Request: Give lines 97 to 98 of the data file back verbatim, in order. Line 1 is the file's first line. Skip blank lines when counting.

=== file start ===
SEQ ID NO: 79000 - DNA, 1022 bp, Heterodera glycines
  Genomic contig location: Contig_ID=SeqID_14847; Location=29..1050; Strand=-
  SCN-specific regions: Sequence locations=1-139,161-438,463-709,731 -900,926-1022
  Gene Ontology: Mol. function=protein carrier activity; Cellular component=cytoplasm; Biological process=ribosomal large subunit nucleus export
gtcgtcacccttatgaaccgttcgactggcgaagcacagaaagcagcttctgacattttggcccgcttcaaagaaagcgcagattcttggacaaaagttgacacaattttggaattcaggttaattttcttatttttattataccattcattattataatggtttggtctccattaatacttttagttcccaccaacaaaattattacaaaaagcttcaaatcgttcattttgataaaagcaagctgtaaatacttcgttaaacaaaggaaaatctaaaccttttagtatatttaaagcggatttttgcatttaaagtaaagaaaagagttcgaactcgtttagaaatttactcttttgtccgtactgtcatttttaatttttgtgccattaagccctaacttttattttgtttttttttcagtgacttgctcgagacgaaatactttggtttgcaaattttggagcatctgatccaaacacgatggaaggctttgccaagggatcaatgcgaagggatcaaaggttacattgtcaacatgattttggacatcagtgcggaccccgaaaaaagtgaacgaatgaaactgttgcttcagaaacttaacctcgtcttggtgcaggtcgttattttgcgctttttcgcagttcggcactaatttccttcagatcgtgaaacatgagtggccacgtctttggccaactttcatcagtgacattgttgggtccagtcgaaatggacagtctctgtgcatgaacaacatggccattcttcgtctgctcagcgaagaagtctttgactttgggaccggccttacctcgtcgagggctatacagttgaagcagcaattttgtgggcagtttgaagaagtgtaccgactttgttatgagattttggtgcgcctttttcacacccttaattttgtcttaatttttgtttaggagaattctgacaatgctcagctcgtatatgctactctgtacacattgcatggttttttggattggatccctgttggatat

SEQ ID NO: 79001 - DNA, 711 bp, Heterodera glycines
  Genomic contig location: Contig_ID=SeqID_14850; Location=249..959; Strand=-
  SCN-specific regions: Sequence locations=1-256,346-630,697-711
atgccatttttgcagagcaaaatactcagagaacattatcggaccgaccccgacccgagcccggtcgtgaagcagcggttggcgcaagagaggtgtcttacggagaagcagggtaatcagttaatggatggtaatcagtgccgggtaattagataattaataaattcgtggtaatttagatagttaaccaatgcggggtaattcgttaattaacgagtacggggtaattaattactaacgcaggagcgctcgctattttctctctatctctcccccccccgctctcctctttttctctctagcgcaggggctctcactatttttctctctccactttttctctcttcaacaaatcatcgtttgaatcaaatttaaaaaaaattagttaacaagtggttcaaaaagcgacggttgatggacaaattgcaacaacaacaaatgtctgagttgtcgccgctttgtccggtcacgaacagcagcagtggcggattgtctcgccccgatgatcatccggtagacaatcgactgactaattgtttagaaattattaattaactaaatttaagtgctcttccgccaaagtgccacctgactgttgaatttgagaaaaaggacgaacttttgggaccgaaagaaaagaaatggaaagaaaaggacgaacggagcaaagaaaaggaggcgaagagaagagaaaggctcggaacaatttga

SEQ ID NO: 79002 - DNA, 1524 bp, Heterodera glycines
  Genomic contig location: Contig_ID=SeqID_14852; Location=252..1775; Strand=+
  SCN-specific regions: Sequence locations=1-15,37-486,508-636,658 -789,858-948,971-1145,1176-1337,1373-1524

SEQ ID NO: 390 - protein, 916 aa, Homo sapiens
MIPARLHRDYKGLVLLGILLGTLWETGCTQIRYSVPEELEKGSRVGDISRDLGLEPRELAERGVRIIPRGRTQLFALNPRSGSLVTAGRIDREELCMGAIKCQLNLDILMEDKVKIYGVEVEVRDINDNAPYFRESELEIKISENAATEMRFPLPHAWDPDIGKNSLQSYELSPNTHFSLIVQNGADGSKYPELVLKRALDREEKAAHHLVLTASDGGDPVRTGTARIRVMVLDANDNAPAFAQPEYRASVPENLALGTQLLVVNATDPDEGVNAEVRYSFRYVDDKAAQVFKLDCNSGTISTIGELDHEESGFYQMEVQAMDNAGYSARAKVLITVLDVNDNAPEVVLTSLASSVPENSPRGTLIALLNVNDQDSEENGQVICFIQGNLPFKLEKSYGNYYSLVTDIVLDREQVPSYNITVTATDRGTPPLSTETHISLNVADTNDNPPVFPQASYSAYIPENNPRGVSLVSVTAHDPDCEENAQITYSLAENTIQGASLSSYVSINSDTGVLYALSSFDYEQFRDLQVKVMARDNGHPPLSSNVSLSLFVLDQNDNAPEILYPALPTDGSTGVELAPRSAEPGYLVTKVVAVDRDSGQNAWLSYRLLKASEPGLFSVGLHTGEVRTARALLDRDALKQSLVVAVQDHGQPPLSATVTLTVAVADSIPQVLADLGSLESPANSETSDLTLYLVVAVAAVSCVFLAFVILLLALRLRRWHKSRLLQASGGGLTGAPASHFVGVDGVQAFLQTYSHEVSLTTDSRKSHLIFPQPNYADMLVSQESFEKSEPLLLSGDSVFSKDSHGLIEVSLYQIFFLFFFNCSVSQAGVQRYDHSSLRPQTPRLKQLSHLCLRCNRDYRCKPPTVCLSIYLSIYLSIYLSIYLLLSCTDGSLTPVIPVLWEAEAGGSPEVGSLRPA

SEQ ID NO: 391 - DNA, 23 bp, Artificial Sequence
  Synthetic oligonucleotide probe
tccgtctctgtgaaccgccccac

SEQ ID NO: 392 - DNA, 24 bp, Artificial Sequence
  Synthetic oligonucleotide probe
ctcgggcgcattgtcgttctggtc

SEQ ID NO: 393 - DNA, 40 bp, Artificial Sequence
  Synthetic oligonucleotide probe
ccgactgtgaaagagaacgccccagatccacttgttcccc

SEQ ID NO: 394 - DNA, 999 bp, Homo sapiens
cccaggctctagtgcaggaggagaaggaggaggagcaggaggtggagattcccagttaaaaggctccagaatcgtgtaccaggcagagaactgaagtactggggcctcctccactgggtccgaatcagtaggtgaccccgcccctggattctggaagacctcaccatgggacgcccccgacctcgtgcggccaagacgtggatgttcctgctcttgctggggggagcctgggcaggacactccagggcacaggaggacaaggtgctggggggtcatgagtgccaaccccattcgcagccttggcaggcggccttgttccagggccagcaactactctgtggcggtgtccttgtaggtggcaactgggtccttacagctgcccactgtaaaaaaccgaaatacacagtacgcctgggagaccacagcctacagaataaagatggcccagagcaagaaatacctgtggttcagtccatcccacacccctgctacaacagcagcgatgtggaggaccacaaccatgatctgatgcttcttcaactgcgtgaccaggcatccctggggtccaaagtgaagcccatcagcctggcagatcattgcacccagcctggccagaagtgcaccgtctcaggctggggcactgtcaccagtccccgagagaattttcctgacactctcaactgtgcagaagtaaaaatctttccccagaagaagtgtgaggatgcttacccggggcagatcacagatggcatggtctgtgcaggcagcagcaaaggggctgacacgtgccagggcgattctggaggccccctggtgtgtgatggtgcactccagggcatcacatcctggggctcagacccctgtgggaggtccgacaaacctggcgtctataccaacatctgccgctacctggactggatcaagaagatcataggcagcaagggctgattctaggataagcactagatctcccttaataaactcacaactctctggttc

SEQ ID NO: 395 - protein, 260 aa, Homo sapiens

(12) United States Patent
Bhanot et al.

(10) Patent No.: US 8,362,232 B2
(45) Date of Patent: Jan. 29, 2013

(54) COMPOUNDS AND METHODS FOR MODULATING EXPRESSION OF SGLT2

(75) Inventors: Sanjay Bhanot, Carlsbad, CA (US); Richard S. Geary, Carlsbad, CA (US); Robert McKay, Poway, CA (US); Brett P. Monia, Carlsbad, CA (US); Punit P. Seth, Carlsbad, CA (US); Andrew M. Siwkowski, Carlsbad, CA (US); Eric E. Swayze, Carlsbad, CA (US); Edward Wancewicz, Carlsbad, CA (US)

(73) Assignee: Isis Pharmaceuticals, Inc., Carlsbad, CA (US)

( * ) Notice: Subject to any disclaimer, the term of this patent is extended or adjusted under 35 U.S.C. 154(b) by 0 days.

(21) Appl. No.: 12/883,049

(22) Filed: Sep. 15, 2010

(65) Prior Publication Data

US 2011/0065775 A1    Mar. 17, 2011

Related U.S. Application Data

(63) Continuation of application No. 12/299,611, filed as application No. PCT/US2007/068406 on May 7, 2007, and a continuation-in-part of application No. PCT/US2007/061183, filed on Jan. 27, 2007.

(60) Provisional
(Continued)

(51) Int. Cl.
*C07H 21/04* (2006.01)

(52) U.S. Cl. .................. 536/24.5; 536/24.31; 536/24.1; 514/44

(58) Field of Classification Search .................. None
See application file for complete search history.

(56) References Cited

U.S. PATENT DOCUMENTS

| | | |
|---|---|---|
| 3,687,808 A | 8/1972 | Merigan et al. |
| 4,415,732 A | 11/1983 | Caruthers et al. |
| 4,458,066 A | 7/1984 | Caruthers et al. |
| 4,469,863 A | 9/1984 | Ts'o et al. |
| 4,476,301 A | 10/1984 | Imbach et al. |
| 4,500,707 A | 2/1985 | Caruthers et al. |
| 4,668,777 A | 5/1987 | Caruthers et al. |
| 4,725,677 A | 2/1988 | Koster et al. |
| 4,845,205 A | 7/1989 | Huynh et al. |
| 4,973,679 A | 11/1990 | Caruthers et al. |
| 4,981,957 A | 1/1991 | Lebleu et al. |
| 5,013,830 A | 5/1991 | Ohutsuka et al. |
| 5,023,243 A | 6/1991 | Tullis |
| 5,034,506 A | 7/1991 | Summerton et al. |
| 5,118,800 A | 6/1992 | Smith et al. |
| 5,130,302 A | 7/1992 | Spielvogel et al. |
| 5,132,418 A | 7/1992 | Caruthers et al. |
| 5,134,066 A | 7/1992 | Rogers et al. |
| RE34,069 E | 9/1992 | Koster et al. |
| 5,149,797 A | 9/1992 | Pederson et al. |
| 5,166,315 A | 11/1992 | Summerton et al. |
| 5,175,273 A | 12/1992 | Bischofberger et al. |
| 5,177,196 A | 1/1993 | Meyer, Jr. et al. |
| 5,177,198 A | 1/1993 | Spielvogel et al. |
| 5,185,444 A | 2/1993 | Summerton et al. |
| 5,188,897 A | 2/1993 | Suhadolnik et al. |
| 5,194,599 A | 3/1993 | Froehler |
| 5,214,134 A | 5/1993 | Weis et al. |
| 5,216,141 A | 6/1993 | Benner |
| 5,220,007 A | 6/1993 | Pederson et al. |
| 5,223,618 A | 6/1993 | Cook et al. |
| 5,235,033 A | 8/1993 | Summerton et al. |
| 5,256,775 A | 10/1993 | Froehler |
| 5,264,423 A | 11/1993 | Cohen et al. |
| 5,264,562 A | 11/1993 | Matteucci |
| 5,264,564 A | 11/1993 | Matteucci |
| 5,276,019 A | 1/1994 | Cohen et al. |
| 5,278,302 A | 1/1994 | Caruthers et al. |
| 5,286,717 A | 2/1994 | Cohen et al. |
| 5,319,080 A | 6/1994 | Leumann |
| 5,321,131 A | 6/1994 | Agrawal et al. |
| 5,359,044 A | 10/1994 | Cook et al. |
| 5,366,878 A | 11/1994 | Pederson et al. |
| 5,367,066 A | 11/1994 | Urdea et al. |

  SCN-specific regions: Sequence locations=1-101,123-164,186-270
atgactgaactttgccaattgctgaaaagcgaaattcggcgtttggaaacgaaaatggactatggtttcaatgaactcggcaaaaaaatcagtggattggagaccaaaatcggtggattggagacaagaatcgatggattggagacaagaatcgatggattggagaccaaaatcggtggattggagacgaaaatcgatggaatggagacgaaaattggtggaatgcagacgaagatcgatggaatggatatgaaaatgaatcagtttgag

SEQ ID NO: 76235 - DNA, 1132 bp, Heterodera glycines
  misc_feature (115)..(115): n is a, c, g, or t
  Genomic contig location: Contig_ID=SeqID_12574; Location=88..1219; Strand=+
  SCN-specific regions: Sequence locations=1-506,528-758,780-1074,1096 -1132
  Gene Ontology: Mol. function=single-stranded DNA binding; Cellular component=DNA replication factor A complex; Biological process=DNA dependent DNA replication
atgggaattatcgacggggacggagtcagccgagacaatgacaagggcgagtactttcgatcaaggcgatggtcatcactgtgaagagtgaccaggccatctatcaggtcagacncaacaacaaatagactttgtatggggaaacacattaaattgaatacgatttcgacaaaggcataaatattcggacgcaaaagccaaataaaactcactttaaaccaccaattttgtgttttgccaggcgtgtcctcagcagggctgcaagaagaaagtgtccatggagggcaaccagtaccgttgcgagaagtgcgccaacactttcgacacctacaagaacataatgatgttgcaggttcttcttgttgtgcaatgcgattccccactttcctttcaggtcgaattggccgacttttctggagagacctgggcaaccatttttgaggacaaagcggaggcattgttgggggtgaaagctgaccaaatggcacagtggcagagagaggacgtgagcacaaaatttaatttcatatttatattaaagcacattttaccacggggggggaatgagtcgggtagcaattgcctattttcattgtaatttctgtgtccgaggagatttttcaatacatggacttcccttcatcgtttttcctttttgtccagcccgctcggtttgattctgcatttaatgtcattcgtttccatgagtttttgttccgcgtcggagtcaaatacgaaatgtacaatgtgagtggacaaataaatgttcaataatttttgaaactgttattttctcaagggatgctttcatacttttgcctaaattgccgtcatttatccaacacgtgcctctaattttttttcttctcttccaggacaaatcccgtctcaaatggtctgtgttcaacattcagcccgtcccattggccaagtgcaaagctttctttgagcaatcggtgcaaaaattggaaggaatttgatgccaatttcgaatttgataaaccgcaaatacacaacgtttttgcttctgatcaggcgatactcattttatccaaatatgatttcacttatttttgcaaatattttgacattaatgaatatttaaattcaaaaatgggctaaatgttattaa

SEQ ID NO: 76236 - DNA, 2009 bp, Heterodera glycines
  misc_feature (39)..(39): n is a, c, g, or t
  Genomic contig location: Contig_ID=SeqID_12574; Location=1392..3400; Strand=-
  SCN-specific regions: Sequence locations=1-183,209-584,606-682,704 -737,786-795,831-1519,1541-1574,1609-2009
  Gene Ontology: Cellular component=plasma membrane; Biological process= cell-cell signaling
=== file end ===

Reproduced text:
atgactgaactttgccaattgctgaaaagcgaaattcggcgtttggaaacgaaaatggactatggtttcaatgaactcggcaaaaaaatcagtggattggagaccaaaatcggtggattggagacaagaatcgatggattggagacaagaatcgatggattggagaccaaaatcggtggattggagacgaaaatcgatggaatggagacgaaaattggtggaatgcagacgaagatcgatggaatggatatgaaaatgaatcagtttgag

SEQ ID NO: 76235 - DNA, 1132 bp, Heterodera glycines